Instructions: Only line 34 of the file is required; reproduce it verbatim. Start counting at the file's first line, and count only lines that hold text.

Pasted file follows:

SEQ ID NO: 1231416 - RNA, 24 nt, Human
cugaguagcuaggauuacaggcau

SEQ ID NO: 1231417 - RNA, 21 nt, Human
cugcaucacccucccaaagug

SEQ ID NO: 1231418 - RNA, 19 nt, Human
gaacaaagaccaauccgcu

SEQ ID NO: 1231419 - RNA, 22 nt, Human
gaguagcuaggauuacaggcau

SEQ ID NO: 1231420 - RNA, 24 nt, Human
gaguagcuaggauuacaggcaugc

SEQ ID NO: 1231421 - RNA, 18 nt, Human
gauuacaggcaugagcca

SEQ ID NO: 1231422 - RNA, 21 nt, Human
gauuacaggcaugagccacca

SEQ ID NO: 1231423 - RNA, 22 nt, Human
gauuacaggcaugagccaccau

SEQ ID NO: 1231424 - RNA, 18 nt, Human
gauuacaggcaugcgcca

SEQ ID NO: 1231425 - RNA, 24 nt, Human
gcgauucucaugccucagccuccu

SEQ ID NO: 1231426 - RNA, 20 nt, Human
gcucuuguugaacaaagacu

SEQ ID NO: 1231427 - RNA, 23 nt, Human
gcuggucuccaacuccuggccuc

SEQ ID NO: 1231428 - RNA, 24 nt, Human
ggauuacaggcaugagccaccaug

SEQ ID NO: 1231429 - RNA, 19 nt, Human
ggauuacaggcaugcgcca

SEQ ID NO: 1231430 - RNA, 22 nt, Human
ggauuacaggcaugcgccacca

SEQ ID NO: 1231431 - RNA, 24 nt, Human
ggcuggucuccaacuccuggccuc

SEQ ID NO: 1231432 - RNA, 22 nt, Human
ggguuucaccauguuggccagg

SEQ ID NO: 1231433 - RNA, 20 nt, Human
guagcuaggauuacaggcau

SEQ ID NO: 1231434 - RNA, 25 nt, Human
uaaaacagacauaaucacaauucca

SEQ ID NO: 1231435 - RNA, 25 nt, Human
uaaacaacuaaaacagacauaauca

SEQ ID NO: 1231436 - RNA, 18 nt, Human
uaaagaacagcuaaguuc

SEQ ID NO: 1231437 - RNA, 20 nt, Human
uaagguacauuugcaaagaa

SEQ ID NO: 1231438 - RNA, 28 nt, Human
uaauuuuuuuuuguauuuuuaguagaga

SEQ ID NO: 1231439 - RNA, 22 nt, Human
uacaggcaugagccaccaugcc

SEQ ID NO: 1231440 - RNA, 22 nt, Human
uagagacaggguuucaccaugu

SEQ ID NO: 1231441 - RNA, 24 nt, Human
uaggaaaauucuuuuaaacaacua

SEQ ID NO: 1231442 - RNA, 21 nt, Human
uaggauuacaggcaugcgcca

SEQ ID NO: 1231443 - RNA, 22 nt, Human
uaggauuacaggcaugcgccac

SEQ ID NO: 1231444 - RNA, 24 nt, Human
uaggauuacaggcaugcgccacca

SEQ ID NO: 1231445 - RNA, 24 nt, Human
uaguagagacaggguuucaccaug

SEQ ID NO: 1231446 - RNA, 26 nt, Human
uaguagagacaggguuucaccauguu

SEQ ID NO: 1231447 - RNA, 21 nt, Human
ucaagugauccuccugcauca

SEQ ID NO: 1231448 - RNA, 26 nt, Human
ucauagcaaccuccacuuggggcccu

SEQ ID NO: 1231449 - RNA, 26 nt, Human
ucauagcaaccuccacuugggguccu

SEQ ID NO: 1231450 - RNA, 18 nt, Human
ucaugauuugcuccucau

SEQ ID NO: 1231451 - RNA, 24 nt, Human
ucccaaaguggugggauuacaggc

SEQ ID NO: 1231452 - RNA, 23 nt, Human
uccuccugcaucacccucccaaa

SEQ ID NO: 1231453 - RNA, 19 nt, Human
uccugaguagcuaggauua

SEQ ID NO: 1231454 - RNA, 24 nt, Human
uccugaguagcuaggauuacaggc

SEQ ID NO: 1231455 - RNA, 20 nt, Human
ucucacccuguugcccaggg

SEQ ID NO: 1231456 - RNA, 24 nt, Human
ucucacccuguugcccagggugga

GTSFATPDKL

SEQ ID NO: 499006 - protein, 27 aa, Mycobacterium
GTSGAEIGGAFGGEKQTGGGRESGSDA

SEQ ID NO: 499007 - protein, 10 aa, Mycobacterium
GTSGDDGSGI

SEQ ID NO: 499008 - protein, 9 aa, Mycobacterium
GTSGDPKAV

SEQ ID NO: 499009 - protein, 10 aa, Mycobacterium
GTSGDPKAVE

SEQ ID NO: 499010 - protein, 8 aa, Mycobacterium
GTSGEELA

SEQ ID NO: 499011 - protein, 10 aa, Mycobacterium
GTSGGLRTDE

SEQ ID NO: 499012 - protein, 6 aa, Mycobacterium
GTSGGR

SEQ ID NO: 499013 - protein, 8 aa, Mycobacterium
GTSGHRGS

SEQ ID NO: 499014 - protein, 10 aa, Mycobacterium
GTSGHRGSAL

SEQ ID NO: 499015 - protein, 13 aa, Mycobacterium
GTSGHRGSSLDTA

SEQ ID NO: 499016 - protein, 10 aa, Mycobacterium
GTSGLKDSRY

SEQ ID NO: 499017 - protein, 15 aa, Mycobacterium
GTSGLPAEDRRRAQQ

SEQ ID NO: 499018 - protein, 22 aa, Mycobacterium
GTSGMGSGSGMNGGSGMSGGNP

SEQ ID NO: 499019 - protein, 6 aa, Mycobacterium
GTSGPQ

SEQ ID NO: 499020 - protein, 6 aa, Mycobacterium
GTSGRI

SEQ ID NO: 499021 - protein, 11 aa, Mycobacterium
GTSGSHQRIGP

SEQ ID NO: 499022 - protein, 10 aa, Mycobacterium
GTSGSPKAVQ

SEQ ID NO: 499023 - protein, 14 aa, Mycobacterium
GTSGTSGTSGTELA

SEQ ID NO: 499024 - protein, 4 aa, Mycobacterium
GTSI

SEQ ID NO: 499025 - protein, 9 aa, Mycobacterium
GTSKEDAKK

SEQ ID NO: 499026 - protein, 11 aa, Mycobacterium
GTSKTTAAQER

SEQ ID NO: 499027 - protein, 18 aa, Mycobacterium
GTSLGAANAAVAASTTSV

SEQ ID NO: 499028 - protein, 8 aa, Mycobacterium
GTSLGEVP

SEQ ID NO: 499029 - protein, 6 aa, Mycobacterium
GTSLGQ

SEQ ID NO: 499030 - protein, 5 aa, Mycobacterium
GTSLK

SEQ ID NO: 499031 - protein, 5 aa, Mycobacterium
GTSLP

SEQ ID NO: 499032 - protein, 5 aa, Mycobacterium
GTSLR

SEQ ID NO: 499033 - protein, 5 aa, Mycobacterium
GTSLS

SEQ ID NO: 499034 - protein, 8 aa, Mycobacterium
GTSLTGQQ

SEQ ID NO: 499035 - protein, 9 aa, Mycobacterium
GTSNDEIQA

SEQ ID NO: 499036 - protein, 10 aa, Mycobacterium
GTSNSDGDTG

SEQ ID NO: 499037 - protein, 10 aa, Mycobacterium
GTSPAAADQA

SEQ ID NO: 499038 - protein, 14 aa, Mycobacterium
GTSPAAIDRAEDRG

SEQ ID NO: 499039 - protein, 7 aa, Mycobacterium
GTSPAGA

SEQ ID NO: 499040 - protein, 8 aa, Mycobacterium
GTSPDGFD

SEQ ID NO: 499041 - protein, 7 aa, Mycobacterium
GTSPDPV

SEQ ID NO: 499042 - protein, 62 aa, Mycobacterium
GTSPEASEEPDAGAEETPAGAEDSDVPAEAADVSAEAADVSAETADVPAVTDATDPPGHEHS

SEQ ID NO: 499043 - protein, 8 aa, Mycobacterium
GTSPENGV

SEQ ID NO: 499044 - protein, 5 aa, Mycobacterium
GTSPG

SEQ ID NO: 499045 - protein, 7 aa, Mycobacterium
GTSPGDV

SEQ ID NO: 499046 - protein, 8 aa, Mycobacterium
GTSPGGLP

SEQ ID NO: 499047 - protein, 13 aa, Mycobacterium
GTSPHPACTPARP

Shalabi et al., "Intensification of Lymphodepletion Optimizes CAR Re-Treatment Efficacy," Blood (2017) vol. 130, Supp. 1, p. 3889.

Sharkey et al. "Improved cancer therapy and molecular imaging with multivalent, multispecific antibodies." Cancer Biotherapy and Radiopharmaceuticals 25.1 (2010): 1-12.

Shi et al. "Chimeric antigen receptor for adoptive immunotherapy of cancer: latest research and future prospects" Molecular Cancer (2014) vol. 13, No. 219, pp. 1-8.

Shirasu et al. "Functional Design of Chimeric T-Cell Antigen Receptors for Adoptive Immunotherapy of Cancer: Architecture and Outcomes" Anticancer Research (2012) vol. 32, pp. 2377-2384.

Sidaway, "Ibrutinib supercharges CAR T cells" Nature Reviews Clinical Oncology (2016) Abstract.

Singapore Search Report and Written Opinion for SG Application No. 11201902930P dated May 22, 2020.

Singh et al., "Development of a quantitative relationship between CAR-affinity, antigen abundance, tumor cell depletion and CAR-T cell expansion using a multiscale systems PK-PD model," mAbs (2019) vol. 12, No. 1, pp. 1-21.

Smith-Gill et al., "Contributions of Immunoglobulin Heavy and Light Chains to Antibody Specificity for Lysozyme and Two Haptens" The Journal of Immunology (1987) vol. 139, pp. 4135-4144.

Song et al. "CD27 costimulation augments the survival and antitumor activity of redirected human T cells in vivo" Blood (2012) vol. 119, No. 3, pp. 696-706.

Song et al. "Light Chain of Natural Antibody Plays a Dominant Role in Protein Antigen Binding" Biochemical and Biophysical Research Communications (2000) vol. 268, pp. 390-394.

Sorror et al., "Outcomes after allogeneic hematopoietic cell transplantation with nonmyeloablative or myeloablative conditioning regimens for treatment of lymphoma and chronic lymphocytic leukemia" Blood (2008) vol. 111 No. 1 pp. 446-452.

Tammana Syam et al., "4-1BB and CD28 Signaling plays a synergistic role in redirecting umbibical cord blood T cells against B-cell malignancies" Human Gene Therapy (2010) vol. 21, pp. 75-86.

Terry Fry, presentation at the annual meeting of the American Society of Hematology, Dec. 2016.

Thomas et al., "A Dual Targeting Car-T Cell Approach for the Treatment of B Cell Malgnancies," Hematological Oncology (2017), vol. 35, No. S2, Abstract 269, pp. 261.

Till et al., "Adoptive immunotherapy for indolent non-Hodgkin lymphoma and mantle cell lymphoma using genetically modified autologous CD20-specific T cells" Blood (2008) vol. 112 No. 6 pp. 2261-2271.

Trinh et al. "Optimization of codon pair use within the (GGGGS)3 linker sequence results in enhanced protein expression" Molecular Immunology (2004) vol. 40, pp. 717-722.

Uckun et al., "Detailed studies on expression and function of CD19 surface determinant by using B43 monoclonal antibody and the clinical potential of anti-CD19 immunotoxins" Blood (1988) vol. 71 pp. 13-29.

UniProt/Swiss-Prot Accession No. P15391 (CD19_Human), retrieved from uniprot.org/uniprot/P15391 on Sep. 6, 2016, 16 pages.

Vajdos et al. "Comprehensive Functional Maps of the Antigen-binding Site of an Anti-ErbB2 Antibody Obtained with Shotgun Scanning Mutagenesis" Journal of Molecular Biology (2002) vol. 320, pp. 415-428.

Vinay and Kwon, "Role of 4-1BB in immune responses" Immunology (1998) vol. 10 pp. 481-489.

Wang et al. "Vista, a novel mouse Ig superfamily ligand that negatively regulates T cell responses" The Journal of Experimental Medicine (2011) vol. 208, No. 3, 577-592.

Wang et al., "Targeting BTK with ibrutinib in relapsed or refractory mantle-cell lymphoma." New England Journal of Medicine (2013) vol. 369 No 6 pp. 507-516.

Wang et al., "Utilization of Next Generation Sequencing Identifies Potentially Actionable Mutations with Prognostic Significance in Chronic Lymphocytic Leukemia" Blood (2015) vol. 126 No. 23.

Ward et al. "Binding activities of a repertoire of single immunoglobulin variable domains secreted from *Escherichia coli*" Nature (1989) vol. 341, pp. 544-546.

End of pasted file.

ggguuucaccauguuggccagg